United States District Court, E.D. California
FINDINGS AND RECOMMENDATION TO DISMISS PETITION FOR
WRIT OF HABEAS CORPUS FOR LACK OF JURISDICTION OBJECTIONS
DUE: 30 DAYS (DOC. 39)
K. OBERTO, UNITED STATES MAGISTRATE JUDGE
Esteban Hernandez, who is detained by the Department of
Homeland Security (DHS), proceeds with a petition for writ of
habeas corpus pursuant to 28 U.S.C. § 2241. Claiming
that his detention has been prolonged, Petitioner seeks (1)
release and review of his continued detention and (2) release
or waiver of the bond requirement on which his release is
contingent. Respondents contend that the District Court lacks
jurisdiction to release Petitioner or to review the amount
set as his bond. Having reviewed the record as a whole and
applicable law, the undersigned recommends that the Court
dismiss the habeas petition for lack of jurisdiction.
Procedural and Factual Background
a native and citizen of Mexico, was a lawful permanent
resident of the United States. In Los Angeles County Superior
Court on April 6, 2001, Petitioner was convicted of assault
with a deadly weapon (Cal. Penal Code § 245(a)(1)).
Petitioner had been removed to Mexico three times prior to
the 2001 conviction.
removal proceedings, on January 6, 2015, an immigration judge
denied Petitioner’s application for withholding of
removal and protection under the Convention Against Torture.
Petitioner filed an unsuccessful administrative appeal,
followed by three separate petitions for review by the Ninth
Circuit Court of Appeals. Petitioner sought a stay of removal to
Mexico pending his appeals. The Ninth Circuit entered a
temporary stay of removal and took all pending motions under
submission, pending the outcome of a remand to the district
court to resolve Petitioner’s claim of United States
citizenship. Petitioner’s removal remains stayed under
the temporary order.
the Ninth Circuit proceedings, Petitioner has remained in ICE
custody. On February 24, 2014, an immigration judge granted
Petitioner’s motion for an order for bond and set the
bond amount at $18, 000. Petitioner moved for reconsideration
in 2016. The immigration judge found no material change of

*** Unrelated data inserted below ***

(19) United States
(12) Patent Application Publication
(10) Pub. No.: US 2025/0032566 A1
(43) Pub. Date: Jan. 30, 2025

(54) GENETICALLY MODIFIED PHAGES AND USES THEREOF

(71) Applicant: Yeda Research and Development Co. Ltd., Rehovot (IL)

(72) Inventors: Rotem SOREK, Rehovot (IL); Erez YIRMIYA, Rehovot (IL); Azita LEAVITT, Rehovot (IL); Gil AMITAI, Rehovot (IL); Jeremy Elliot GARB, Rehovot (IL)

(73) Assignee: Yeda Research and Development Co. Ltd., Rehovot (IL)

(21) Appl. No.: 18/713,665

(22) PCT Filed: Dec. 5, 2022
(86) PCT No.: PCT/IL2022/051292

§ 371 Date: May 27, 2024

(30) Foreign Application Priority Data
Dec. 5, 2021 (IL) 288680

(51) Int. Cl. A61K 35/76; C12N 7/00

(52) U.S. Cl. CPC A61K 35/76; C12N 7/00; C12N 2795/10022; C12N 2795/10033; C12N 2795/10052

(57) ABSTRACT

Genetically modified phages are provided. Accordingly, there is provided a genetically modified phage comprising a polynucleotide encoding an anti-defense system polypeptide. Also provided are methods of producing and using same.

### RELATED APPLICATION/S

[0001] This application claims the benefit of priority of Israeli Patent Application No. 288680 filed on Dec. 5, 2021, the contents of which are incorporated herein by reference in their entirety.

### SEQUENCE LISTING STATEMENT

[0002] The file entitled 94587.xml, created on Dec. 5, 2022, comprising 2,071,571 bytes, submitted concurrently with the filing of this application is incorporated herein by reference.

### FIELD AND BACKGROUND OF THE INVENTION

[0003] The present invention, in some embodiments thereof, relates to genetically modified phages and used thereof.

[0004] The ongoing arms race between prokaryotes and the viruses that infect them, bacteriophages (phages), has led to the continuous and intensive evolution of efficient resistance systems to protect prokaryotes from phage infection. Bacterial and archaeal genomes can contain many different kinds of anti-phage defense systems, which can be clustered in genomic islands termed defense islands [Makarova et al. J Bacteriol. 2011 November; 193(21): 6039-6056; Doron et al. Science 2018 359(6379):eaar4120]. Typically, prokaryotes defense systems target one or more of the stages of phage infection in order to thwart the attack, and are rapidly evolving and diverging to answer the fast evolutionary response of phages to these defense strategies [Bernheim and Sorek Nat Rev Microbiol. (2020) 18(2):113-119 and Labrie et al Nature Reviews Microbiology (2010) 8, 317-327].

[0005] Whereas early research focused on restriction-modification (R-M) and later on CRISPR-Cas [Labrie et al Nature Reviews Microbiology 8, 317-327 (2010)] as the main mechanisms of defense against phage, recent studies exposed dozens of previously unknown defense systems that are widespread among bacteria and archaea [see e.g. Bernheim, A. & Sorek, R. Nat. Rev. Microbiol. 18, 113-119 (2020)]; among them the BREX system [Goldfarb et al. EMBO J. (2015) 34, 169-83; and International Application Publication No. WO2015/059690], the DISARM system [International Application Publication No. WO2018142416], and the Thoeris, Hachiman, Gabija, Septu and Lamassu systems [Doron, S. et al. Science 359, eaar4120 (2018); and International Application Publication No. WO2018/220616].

circumstances and ordered that the bond amount remain at $18,
No Jurisdiction to Review Amount of Bond
Court has no statutory authority to review the amount of
Petitioner’s bond. Prieto-Romero v. Clark, 534
F.3d 1053, 1067 (9th Cir. 2008). In refusing to
reach the merits of Prieto-Romero’s claim that the
immigration judge had set an excessively high bond amount,
requiring him to remain in custody, the Ninth Circuit relied
on 8 U.S.C. § 1226(e), which provides:
The Attorney General’s discretionary judgment regarding
the application of this section shall not be subject to
review. No court may set aside any action or decision by the
Attorney General under this section regarding the detention
or release of any alien or the grant, revocation, or denial
of bond or parole.
Prieto-Romero, 534 F.3d at 1067.
the statute, a district court has no authority to review the
reasonableness of a bond amount set by an immigration judge.
Duration of Petitioner’s Detention
U.S.C. § 1226(a), the Attorney General’s authority
to detain an alien who has been ordered deported is limited
to “the period reasonably necessary to bring about the
alien’s removal from the United States.”
Zadvydas v. Davis, 533 U.S. 678, 699 (2001). The
statute does not authorize indefinite detention. Id.
Relying on this precedent, Petitioner seeks immediate release
from detention, contending “his detention has become
prolonged, ‘indefinite’ and potentially
permanent.” Doc. 1 at 1. Although Petitioner’s
detention is prolonged, it is neither indefinite or
permanent. As was the case with Prieto-Romero,
Petitioner’s lengthy detention can be distinguished
from that of the detainees considered in Zadvydas,
in that his release is foreseeable upon resolution of his
pending appeals. The Court may not order Petitioner’s
immediate release simply because his administrative and
judicial appeals have been protracted.
born of Lithuanian parents in a German displaced persons camp
following World War II, came to the United States with his
family as an eight-year-old child in the 1950s. 533 U.S. at
684. Following a long criminal career, he was ...